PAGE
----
Sighting of Elymnias panthera (Lepidoptera: Nymphalidae:Satyrinae) in West Bengal, eastern India


Arjan Basu Roy 1, Ujjal Ghosh 2 & Krushnamegh Kunte 3


1 Nature Mates-Nature Club, 6/7 Bijoygarh, Jadavpur, Kolkata West Bengal 700032, India

2 Divisional ForestOfficer (IFS), Wildlife III Division, P.O. Nilkuthi, District Coochbihar, West Bengal 736101, India

3 FAS Center for Systems Biology, Harvard University, 52 Oxford St, Northwest Lab Room 454.40-2, Cambridge, MA 02138, USA.

Email: 1, 3 (correspondeing author)




Date of publication (online): 26 January 2010

Date of publication (print): 26 January 2010

ISSN 0974-7907 (online) | 0974-7893 (print)


Editor: Maan Barua


Manuscript details:

Ms # o2280

Received 02 August 2009

Final received 14 September 2009

Finally accepted 08 December 2009


Citation: Roy, A.B., U. Ghosh & K. Kunte (2010). Sighting of Elymnias panthera (Lepidoptera: Nymphalidae: Satyrinae) in West Bengal, eastern India. Journal of Threatened Taxa2(1): 670-671.


Copyright: © Arjan Basu Roy, Ujjal Ghosh & Krushnamegh Kunte 2010. Creative Commons Attribution 3.0 Unported License. JoTT allows unrestricted use of this article in any medium for non-profit purposes, reproduction and distribution by providing adequate credit to the authors and the source of publication.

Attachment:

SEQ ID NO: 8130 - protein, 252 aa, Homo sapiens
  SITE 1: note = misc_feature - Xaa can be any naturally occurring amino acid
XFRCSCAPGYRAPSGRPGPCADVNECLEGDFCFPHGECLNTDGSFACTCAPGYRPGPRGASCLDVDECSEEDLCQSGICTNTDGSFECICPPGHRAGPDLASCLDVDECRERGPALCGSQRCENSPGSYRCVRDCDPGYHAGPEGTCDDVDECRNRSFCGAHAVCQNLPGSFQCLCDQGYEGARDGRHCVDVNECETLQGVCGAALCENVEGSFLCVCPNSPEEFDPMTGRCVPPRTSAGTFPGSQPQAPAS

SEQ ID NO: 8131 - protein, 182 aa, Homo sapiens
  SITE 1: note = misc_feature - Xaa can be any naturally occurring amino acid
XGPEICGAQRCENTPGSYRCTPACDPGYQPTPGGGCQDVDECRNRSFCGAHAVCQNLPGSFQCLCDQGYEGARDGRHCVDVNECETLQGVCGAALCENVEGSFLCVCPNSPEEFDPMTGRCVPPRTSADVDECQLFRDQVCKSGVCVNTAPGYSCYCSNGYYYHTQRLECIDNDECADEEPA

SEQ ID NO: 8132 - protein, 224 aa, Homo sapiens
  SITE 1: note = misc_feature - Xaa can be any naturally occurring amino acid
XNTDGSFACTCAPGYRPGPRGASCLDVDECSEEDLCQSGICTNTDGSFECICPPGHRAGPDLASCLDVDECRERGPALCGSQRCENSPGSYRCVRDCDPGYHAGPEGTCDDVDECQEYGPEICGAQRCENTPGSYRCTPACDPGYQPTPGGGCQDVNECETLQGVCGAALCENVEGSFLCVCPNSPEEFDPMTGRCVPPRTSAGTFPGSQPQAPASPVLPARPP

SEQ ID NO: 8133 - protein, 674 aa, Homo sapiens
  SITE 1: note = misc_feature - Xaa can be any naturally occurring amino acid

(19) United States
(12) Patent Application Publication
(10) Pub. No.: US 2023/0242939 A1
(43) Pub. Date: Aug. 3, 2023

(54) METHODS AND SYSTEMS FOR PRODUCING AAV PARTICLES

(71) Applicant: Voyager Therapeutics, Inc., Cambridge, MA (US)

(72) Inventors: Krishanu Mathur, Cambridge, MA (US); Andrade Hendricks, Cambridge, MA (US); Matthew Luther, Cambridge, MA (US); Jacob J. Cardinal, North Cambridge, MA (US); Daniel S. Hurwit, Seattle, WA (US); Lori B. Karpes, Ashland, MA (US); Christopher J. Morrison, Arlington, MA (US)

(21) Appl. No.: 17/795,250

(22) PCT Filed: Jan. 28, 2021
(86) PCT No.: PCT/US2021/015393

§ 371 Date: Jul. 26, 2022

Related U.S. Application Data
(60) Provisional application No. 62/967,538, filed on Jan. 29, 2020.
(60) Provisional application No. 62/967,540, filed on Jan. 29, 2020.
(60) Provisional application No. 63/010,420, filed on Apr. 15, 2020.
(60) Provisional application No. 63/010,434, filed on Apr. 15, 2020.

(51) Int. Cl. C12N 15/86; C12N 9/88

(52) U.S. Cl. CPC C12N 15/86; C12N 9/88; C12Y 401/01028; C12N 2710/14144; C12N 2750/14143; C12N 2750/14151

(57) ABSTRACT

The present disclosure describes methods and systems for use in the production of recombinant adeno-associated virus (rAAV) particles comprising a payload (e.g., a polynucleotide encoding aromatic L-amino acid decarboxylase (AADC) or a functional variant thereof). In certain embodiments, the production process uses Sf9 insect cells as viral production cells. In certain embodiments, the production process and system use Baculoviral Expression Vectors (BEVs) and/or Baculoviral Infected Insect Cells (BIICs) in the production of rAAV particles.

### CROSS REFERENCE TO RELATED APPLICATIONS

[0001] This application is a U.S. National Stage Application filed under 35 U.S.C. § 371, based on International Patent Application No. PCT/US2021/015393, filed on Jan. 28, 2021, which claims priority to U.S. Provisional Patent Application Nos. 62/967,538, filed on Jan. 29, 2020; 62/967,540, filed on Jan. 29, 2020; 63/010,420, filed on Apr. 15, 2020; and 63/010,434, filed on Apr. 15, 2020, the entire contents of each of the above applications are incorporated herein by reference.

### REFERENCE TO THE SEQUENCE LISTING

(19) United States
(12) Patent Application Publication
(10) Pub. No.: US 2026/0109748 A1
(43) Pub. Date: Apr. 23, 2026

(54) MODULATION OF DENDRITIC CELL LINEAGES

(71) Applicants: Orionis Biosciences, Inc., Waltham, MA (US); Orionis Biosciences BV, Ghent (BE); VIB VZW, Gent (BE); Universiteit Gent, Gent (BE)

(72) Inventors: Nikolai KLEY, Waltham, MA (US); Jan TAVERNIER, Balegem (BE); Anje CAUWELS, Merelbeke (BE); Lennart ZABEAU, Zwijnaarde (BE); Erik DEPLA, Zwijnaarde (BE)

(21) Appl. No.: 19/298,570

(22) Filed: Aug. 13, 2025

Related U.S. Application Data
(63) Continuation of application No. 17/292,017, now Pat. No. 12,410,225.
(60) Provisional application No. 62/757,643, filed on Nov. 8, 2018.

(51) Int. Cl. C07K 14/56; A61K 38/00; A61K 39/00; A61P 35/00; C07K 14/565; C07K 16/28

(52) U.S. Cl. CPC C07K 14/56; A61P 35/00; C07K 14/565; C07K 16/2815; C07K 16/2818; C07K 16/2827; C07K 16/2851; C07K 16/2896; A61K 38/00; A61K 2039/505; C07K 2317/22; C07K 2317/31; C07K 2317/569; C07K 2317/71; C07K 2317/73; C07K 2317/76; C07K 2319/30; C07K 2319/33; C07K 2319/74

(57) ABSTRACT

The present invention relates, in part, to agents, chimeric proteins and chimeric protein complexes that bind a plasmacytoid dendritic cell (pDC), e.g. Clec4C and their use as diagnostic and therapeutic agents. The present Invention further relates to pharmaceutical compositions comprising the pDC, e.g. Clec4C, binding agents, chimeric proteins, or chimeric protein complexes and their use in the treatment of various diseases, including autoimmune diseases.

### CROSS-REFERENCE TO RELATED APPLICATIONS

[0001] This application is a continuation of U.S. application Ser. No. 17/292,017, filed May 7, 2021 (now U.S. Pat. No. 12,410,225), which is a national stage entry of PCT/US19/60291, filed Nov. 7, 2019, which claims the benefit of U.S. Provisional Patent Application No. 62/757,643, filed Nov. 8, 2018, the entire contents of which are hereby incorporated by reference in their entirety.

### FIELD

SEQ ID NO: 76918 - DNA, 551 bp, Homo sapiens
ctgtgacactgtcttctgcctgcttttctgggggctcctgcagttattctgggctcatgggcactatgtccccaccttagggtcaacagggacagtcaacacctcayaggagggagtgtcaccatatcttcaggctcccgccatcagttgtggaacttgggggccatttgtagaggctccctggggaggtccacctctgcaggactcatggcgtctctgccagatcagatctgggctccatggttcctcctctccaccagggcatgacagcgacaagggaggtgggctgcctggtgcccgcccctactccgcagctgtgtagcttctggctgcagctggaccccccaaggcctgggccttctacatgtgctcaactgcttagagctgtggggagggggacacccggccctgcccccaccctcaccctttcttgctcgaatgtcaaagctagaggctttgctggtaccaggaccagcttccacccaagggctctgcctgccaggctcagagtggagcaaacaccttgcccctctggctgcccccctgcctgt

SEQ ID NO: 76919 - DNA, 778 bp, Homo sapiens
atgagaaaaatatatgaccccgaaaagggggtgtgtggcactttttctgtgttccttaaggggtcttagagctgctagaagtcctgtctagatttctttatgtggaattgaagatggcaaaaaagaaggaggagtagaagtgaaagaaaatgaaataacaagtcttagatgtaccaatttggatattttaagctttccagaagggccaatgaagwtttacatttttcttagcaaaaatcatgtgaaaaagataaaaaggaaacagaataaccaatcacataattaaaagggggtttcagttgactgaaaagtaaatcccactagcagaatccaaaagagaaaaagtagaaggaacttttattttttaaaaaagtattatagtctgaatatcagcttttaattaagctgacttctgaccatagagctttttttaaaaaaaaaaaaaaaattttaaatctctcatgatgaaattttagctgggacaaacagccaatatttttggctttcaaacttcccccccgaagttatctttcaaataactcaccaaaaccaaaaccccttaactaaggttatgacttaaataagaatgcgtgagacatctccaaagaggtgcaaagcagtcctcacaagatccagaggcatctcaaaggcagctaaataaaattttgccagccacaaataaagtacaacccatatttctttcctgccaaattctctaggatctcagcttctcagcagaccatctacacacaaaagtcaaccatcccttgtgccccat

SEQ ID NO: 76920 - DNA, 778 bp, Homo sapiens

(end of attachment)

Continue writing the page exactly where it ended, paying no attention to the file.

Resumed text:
Acknowledgments:We thank Lipika Roy (Divisional Forest Officer, Nadia-Murshidabad Division, Dept. of Forests, Govt. of West Bengal) for facilitating field work.



For Image – click here


Many Malayan butterflies have peculiar distributional ranges regarding their penetrance in the Indian Region.  Some species have colonized the nearby Andaman and Nicobar Archipelago but they do not occur further north in mainland northern Indo-China and northeastern India, while other species occur in these northern mainland areas without having colonized the Andaman and Nicobar Archipelago.  One such interesting example is Elymnias panthera Fabricius, 1787, the Tawny Palmfly.  The species ranges from southern Thailand southward throughout most of Southeast Asia and SundaIslands in several subspecific forms (Talbot 1947; d’Abrera 1985; Pinratana 1988).  It is represented within Indian limits by E. p. mimus Wood-Mason & de Nicéville, 1881, a subspecies endemic to the Nicobar Islands (Evans 1932; Talbot 1947).  However, the species does not occur north of Peninsular Thailand either in northern Indo-China or in northeastern India.  It is unknown what restricts distributional range of E. pantherain Southeast Asia, or of its subspecies to smaller geographic areas within this region.